London-based Cerulli Associates is releasing a report at the end of this month revealing that foreign and joint-venture asset managers have won a larger slice of the Ñ235 trillion Japanese fund management market, up from 16.1% to 17.5% of aggregate assets. Although it does not expect these gains to last, Cerulli does sound other positive notes.

For example, net new inflows into stock investment trusts has remained positive each month for the past two years, which signals the decline of investors chasing fads and a more long-term attitude. In addition, while many foreign money managers have recently exited the retail business, they continue to find new opportunities on the institutional side.

The growing bank distribution channel is the brightest spot, as it is providing open architecture, which doesn't exist among the dominant broker distributors. This channel now accounts for 15% of assets under management and most of the industry's growth, a figure Cerulli believes will hit 34% by 2006. But much of that is through regional banks, not big city banks, which worries Cerulli as they are candidates for going under.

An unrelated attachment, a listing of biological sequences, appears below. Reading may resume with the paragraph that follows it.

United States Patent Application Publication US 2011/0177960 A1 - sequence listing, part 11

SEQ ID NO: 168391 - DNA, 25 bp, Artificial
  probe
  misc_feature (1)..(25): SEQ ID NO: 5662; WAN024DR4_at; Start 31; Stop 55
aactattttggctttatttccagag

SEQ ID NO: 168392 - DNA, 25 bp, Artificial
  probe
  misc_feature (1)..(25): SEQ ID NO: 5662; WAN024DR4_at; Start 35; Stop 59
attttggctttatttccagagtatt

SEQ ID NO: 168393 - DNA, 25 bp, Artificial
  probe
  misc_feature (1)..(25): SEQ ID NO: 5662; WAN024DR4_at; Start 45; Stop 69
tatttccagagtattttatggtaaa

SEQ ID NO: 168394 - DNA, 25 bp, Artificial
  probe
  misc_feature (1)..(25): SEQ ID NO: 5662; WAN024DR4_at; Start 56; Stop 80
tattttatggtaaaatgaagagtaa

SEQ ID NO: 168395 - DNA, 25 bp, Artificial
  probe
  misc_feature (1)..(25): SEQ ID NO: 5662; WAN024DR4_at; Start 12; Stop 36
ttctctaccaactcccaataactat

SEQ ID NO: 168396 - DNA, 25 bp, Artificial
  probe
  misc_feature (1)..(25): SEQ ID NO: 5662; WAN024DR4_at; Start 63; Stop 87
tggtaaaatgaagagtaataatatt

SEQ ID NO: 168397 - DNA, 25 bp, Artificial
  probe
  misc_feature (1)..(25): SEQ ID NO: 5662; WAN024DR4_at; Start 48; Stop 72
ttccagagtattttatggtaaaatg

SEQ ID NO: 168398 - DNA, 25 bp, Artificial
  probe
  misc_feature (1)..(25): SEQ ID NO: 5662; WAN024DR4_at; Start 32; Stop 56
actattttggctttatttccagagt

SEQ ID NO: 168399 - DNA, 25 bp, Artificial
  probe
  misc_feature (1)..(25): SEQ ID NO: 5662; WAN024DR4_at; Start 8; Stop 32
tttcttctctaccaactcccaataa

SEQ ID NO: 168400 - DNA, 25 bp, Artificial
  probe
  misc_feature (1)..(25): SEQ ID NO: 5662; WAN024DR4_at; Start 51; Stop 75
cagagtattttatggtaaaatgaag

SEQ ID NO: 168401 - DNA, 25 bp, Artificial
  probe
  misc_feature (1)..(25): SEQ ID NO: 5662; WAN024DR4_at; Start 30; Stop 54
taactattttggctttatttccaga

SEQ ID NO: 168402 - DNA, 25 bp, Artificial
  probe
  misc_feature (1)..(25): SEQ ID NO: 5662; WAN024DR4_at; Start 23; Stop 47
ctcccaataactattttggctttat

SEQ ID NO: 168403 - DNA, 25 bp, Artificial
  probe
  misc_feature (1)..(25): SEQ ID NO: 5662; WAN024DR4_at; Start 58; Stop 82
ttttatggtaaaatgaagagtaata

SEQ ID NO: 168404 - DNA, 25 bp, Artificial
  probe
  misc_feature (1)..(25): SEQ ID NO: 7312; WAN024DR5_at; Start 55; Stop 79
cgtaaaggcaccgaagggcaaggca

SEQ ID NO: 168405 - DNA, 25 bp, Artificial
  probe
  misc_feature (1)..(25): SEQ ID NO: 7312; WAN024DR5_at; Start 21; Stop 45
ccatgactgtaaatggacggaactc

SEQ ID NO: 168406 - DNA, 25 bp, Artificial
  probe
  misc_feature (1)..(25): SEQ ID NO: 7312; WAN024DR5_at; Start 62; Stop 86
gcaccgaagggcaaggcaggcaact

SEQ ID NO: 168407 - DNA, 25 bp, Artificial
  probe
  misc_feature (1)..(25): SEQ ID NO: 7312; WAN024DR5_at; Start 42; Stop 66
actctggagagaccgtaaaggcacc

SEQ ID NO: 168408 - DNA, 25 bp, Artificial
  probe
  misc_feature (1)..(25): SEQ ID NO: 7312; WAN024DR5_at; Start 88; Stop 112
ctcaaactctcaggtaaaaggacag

The analysts also breath a sigh of relief that 2001 saw no more new foreign joint ventures formed. Cerulli has long expressed scepticism about these, and believes foreign fund managers that concentrate on manufacturing product and keep their costs low will do the best. Indeed, the only real success story for foreigners has been the investment advisory company (IAC) market, where foreigners manage 44% of retirement-related mandates and 61% of non-qualified mandates.